Wood Processing and Wood Working Facilities. 8-27.1 below. windows on floors one through seven need to be bricked in (or have sprinklers and fire rated glass). with wood walls and plank-on-timber floors.2.65. Rubber Tire Storage.400 m2) per floor. respectively. the aspect ratio of the exposure (for use in Table 2) is 2.1 m) for 3 hour walls and 215 ft (66 m) for wood walls.1 m) provided is adequate for the brick walls. Separation distance is only 30 ft (9.6 m). Idle Pallet Storage. 8-21. weeds and bushes are hazardous. a nine-story sprinklered building with 12 in. 8-7. 3. Storage of Wood Chips. Baled Fiber Storage. Roll Paper Storage.48 and 4. metal fencing.000 ft2 (1.Valid Through January. Flammable Liquid Storage in Portable Containers. Consequently. 7-85. 3. 7-28N.1 In Figure 4a. 8-24. respectively (for exposed 3-hour fire-rated walls and exposed Category D walls). but not the plain glass. According to Figure 4b. 7-29. When using this document. These hazards may be reduced by yard paving. The seventh floor and the eighth floor should have protection comparable to a 2 hr (blank wall or fire rated glass plus sprinklers) and 1 hr (fire rated glass) exposed wall. ©2003 Factory Mutual Insurance Company. those on the ninth floor should be tempered (or fire rated). 8-10. the level of protection of openings may be decreased one level for each story height above the distance of needed protection according to Figures 4b or 4c.1 m). so the occupancy should be treated as ‘‘high’’ regardless of the exposure. yard storage should be categorized as outlined in Appendix A. protection comparable to a 3 hr wall rating is needed for the first six floors. 2004 Protection Against Exterior Fire Exposure FM Global Property Loss Prevention Data Sheets 1-20 Page 19 When there is considerable height difference between a significant exposure and the higher exposed building. The fire resistance of the exposed brick wall is in excess of 3 hours (see Data Sheet 1-21).3 Fire Exposure From Yard Storage Combustibles stored outdoors may create an exposure hazard to nearby buildings. the height above the exposure needing protection is at least 36 ft (11 m).7 m). There are a number of data sheets that consider this problem and discuss protection for yard storage. 8-3. Coal and Charcoal Storage. 7-88. Pulpwood and Outdoor Log Storage. (300 mm)-thick brick exterior walls and plain glass windows is exposed by a three-story unsprinklered building. Storage Tanks for Flammable and Combustible Liquids. 8-22.8. three up to the top of the exposing wall and three above it. stored either in the yard or on nearby property. The respective recommended separation distances are 27 ft (8. As in example 3. . however. Metals and Alloys. use this document to determine the separation and protection. Since the length of the exposing wall is 112 ft (34 m) and the height of the exposure is 45 ft (13. separation would need to be adequate for exposed wall Category D for plain glass windows to be acceptable.2.4 Yard Housekeeping Unpaved yards with grass.6 m). All rights reserved. What protection is required for the openings in the exposed building? Solution: The exposing building is multi-story. Combustible yard storage may be vulnerable both to incendiarism and to fire spread from adjoining properties. since the story heights are 15 ft (4. especially to buildings with combustible walls. These include 7-10. 7-52.5. The exposing building is a plank-on-timber fully occupied furniture warehouse having wood walls and a fire area of 15. Storage of Baled Waste Paper. and the maintaining of an aisle space along the fence. 8-28. Oxygen. For outdoor storage that is not covered by any of the above data sheets. Example 3. The length of the exposing wall is 112 ft (34 m). those on the eight floor should have fire rated glass. The separation distance of 30 ft (9.8. Explosive Materials. add to the hazard. The story height in both buildings is 15 ft (4. The ninth floor should have tempered or fire-rated glass to provide protection comparable to Category C. Piles of combustibles. The corresponding multiplier from Table 2 for category 1 and 13 is 0.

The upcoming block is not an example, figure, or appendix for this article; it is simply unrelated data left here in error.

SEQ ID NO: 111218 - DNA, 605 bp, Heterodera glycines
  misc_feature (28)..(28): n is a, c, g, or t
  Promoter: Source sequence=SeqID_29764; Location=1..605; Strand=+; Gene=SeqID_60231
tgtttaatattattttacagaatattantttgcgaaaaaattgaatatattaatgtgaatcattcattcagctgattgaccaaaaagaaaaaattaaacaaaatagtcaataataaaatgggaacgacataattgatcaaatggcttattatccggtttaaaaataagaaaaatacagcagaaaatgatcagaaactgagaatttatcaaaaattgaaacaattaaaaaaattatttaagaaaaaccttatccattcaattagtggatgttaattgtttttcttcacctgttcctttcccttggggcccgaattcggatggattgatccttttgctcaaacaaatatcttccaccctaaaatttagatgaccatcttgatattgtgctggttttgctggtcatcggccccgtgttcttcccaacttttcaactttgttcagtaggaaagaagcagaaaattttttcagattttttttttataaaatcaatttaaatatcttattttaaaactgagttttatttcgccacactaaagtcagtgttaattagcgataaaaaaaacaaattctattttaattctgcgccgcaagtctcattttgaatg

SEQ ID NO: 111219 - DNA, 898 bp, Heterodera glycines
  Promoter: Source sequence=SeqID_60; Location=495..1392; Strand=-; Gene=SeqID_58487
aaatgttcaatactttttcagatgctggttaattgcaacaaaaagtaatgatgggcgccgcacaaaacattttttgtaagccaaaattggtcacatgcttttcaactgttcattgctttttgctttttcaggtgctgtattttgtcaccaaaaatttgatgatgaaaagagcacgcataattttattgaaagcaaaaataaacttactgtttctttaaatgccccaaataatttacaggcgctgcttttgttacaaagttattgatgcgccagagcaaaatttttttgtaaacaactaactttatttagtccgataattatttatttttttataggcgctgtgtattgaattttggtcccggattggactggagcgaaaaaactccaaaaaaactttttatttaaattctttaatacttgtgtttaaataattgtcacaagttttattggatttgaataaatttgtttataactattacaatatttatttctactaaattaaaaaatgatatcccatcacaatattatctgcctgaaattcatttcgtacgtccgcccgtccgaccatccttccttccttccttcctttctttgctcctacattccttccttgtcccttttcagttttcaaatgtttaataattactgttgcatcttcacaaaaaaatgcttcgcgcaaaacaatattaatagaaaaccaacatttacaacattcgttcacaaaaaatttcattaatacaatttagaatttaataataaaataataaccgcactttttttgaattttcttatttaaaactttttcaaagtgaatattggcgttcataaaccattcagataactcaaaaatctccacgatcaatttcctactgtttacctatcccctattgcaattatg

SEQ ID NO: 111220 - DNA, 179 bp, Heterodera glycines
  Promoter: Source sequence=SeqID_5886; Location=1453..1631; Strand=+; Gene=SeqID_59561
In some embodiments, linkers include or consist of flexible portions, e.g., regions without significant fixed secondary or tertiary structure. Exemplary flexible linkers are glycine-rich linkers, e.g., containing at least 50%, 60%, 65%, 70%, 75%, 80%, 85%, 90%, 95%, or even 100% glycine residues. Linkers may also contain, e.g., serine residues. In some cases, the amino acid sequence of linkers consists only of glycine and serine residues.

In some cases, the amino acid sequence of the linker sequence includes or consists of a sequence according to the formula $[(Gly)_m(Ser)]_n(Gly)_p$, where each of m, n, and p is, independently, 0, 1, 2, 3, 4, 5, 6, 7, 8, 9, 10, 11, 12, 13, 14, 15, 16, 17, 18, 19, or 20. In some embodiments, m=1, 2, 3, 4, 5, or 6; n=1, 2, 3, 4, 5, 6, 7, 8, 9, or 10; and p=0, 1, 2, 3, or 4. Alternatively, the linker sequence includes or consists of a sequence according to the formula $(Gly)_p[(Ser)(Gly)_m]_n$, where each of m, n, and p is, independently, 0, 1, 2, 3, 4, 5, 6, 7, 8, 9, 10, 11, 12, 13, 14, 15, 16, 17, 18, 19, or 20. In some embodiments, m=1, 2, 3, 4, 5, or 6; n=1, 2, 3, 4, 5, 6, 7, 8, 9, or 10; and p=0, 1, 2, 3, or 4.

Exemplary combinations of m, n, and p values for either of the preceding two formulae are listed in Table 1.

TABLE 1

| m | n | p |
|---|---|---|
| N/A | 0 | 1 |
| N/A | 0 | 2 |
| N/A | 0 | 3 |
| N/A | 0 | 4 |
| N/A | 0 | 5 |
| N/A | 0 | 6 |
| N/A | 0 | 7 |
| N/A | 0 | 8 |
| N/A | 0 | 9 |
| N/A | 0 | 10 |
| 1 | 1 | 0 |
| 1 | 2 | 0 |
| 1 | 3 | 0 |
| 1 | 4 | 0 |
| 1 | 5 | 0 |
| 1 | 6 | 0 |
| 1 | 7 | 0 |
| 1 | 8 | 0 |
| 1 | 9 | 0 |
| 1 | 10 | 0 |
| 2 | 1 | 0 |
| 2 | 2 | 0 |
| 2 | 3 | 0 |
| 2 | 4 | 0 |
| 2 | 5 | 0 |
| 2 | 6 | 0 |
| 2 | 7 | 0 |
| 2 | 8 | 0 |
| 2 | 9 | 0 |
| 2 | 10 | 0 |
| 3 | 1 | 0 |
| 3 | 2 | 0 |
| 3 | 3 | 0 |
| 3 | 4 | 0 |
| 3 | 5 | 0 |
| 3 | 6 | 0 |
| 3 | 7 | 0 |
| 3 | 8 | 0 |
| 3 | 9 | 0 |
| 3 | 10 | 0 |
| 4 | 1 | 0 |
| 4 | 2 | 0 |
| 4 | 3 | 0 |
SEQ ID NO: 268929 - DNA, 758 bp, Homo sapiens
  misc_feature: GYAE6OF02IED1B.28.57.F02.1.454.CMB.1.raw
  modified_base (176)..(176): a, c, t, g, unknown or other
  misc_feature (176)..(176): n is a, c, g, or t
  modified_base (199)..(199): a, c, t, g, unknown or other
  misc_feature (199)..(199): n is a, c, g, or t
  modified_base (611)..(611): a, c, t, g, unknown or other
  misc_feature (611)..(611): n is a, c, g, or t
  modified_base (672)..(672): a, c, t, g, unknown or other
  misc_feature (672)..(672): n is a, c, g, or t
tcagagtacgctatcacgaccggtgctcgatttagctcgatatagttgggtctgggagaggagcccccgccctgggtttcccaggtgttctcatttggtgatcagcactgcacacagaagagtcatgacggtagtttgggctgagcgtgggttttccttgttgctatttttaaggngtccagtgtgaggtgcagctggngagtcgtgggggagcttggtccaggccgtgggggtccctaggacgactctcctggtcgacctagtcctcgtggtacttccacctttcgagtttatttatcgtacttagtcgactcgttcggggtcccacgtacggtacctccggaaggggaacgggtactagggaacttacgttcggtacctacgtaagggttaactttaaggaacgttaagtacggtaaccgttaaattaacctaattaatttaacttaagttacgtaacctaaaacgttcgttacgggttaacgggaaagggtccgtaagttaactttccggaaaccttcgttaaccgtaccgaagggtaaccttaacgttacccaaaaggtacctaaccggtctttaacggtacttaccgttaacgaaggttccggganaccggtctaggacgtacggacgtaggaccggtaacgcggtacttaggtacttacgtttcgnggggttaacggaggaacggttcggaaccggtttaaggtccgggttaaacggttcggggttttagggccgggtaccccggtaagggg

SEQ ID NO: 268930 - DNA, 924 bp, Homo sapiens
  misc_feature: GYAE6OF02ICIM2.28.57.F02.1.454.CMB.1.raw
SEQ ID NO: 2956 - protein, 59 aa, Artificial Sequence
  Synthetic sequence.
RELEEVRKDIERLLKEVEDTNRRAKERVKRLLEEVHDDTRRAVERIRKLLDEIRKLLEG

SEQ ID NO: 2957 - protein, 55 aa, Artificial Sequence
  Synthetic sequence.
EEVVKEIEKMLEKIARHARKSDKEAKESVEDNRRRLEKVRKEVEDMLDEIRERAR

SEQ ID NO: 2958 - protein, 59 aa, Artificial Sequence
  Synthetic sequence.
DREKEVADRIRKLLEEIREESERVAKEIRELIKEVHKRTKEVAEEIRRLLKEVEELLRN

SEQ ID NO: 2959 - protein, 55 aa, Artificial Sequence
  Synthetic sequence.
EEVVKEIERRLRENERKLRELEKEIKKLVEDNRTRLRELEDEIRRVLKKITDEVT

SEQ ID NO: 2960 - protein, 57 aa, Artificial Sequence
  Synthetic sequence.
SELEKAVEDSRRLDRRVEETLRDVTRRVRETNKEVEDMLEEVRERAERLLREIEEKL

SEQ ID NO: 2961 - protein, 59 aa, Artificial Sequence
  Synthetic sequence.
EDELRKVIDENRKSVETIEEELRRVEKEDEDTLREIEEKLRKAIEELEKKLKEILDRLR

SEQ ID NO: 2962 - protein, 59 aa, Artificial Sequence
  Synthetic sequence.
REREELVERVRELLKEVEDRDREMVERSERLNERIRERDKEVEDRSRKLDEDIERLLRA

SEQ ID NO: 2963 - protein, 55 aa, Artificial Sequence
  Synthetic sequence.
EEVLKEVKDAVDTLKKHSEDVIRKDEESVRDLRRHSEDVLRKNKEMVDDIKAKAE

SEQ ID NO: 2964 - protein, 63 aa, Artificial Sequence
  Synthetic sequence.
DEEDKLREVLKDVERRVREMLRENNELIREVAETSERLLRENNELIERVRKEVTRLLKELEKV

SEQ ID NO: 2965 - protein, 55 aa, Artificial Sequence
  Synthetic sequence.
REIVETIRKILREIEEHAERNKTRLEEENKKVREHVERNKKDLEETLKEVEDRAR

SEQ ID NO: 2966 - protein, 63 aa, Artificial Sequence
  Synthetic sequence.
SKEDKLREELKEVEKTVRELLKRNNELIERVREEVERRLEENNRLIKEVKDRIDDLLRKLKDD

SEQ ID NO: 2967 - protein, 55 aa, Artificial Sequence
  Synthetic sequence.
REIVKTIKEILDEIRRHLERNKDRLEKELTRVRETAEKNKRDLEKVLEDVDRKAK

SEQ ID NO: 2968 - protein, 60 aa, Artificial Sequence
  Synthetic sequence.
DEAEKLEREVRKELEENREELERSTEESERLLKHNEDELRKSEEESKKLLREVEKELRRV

Alteration and Demolition Data Sheet 1-19. Roof Deck Securement and Above-Deck Roof Components Data Sheet 1-57. 4a. Fire Walls. 2004 1-20 Page 20 Protection Against Exterior Fire Exposure FM Global Property Loss Prevention Data Sheets Fig. Installation and Maintenance of Private Fire Service Mains and their Appurtenances Data Sheet 7-28N. . Safeguards During Construction. 4.Valid Through January. Flammable Liquid Storage in Portable Containers Data Sheet 7-32. Criteria for Maximum Foreseeable Loss Fire Walls and Space Separation Data Sheet 1-29.0 REFERENCES 4. Protection for exposed buildings higher than the exposing building. Subdivisions and Draft Curtains Data Sheet 1-21. All rights reserved.1 FM Global Data Sheet 1-0. Fire Resistance of Building Assemblies Data Sheet 1-22. Explosive Materials Data Sheet 7-29. Flammable Liquid Operations ©2003 Factory Mutual Insurance Company. Rigid Plastic Building Materials Data Sheet 2-8N. NFPA 13 Standard for the Installation of Sprinkler Systems 1996 Edition Data Sheet 3-10.